Sept. 29, 2021 at 6 p.m. - 7 p.m.
Dr. Kelley Lee is trained in International Relations and Public Administration with a focus on international political economy. She spent over twenty years at the London School of Hygiene and Tropical Medicine. She was a core member of donor-led studies of WHO reform during the 1990s. She co-established the WHO Collaborating Centre on Global Change and Health, and chaired the WHO Resource Group on Globalization, Trade and Health. Her research focuses on the impacts of globalization on population health, and the ways collective action and global governance can mitigate these impacts. Her current research, leading the Pandemics and Borders Project, focuses on the use of cross-border measures (travel and trade) during the COVID-19 pandemic, and the implications for global responses governed by the WHO International Health Regulations. She is also working with leading scholars worldwide to advance the conceptualization and measurement of the commercial determinants of health.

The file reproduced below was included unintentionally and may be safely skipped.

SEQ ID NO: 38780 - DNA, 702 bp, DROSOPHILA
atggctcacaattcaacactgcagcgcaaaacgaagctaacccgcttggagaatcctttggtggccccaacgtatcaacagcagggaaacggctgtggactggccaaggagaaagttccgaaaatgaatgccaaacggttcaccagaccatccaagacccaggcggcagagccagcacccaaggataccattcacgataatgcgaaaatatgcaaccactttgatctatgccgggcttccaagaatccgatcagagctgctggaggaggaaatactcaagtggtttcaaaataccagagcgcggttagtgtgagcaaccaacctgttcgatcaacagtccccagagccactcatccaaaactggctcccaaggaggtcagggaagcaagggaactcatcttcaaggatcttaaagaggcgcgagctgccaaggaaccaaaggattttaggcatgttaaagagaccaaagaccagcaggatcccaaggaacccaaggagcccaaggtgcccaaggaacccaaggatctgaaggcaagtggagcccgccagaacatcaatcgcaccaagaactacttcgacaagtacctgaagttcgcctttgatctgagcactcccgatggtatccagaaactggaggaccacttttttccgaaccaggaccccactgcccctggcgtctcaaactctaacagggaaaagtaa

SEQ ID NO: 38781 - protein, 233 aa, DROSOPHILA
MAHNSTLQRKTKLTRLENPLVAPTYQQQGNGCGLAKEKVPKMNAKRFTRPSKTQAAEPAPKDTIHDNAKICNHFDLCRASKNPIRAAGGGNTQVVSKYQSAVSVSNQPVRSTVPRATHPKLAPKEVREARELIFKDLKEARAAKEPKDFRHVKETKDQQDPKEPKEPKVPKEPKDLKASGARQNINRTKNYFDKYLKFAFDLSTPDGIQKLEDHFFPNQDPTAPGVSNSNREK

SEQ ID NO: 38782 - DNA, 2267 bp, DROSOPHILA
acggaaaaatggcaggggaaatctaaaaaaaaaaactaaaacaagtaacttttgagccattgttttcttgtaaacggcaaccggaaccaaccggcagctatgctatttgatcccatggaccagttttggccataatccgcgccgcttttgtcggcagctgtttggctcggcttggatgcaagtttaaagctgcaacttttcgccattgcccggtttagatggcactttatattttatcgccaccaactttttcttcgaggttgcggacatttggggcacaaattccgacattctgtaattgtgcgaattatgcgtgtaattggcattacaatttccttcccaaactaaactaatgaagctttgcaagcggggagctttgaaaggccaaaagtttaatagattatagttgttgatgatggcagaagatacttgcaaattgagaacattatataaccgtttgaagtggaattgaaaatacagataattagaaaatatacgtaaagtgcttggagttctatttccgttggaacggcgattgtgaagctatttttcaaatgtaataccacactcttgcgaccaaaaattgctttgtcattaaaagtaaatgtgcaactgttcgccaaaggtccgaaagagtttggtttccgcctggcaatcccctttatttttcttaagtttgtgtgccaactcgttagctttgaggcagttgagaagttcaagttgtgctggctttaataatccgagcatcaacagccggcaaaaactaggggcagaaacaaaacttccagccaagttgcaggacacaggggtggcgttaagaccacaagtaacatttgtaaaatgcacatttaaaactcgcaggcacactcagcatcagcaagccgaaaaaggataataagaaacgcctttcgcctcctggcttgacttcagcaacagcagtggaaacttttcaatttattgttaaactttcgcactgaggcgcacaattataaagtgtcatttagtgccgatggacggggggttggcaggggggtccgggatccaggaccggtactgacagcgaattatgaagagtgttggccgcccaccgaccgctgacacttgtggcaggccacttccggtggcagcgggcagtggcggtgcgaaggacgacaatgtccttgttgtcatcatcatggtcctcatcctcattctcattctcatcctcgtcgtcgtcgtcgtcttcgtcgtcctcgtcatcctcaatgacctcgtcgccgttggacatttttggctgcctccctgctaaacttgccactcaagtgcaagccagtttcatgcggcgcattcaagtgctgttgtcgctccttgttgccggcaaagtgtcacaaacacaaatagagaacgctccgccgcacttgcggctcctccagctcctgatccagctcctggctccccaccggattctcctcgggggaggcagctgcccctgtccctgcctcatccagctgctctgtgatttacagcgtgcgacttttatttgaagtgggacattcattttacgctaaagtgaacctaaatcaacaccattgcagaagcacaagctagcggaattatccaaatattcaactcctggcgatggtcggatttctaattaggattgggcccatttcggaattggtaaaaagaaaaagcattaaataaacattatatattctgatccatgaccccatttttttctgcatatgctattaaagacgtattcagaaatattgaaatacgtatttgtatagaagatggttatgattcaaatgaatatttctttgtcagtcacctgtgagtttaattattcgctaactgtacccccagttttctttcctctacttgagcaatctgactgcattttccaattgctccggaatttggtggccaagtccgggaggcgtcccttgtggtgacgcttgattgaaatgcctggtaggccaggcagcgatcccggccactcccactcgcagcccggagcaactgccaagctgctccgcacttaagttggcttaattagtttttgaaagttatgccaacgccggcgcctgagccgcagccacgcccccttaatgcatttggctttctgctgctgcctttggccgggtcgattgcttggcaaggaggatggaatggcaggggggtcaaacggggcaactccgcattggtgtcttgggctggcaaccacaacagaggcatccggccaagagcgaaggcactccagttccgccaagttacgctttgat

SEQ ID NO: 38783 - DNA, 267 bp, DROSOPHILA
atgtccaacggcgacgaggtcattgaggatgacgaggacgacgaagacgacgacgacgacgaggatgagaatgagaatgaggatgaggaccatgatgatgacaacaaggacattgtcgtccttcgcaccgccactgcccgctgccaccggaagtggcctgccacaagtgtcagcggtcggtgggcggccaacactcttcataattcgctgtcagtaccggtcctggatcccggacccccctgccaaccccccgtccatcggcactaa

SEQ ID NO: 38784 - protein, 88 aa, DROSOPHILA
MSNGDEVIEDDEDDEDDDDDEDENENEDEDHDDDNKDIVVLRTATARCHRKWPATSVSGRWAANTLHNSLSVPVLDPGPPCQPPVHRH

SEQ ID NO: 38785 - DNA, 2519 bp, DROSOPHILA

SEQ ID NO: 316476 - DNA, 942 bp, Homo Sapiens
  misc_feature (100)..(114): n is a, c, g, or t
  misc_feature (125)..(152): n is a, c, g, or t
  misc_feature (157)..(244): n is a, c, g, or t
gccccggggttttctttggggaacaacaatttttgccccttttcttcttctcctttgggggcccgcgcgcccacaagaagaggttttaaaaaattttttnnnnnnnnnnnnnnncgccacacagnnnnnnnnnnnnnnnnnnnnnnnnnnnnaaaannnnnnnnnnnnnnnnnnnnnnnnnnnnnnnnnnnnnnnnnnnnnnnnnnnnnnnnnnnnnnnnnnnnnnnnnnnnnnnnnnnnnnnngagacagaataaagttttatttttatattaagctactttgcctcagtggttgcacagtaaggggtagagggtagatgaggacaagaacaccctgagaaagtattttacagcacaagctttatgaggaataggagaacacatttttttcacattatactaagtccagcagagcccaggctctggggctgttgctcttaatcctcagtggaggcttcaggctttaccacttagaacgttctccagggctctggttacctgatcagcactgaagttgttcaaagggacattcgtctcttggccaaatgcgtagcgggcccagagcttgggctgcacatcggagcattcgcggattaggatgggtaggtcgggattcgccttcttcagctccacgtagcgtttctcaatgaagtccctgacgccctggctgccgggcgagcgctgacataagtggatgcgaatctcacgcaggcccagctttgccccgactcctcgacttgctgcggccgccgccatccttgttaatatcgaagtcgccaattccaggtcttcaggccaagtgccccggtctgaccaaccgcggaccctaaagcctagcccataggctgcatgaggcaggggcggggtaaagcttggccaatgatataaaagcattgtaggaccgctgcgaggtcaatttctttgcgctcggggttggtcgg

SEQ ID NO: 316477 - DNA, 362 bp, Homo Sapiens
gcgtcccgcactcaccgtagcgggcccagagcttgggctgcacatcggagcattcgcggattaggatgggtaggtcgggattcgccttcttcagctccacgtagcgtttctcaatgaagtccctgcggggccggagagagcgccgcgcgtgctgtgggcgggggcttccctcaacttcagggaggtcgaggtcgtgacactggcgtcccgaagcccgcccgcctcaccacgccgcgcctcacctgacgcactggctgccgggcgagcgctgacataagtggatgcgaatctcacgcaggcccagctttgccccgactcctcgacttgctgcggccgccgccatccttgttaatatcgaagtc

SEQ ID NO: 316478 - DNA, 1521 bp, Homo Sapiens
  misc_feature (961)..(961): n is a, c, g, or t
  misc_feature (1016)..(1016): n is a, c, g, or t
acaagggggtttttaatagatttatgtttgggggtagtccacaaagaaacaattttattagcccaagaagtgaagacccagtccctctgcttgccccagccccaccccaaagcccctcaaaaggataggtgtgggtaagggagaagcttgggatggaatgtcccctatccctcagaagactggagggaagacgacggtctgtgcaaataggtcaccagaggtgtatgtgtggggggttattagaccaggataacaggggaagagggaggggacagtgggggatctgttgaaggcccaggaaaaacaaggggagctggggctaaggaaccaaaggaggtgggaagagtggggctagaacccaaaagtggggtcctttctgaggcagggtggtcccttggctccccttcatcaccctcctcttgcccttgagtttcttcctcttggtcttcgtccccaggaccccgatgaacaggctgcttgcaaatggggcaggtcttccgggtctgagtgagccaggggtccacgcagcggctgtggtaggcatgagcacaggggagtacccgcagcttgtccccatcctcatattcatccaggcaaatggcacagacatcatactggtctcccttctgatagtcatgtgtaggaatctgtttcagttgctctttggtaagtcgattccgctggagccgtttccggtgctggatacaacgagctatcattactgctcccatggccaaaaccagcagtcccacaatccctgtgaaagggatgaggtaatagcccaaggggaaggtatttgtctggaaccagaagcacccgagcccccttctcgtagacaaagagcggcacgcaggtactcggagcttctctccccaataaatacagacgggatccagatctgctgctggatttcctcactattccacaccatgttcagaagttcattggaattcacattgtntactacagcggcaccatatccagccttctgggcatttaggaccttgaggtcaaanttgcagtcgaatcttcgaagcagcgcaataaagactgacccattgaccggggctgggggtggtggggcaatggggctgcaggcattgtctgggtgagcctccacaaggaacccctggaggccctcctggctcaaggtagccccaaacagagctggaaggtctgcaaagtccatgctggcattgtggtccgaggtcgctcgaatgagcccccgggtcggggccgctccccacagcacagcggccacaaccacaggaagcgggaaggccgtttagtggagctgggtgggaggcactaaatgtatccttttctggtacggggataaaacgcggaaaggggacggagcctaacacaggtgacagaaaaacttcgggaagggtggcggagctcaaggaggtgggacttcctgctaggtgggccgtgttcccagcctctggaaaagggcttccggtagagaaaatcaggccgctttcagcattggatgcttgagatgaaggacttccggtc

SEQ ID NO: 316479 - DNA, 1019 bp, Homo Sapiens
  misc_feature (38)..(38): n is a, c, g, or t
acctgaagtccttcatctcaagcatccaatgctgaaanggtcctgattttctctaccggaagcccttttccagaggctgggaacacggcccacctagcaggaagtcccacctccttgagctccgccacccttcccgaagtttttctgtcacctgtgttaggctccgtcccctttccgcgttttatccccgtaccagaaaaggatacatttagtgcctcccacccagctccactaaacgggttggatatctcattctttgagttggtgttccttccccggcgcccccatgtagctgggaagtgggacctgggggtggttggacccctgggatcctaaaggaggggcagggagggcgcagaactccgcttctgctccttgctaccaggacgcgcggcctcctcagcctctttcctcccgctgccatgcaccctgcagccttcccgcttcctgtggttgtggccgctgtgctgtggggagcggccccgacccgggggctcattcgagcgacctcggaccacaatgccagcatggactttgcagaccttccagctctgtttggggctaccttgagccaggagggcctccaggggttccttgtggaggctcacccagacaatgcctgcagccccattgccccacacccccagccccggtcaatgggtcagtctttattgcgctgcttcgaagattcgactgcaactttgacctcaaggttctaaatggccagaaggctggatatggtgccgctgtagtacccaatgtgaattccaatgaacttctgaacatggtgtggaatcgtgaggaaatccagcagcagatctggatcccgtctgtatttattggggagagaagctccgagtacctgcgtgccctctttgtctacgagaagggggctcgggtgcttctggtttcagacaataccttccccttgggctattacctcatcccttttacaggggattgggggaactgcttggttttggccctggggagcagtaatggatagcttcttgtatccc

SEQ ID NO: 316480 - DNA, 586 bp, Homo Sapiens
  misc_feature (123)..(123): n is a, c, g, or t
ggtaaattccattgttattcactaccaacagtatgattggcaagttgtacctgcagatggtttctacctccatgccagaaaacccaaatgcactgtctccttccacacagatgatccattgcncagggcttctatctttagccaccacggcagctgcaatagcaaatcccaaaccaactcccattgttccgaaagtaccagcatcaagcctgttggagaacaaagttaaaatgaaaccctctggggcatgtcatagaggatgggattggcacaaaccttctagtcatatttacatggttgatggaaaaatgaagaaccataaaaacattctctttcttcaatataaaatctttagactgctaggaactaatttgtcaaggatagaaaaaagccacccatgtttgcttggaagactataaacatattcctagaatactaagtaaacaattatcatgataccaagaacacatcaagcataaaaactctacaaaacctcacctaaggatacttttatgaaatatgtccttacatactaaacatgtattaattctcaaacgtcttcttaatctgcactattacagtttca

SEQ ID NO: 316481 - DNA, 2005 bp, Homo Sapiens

Natalie Mase (email@example.com, 6175428995)
The Covid-19 pandemic has thrust the World Health Organization (WHO) into the limelight, for better and for worse. While some of the Trump administration’s criticism of the organization is unfair, the response to the early stages of the pandemic left many experts wanting more from the WHO. What is the WHO’s role in responding to international pandemics? What can be done to improve the WHO’s response to future global health crises?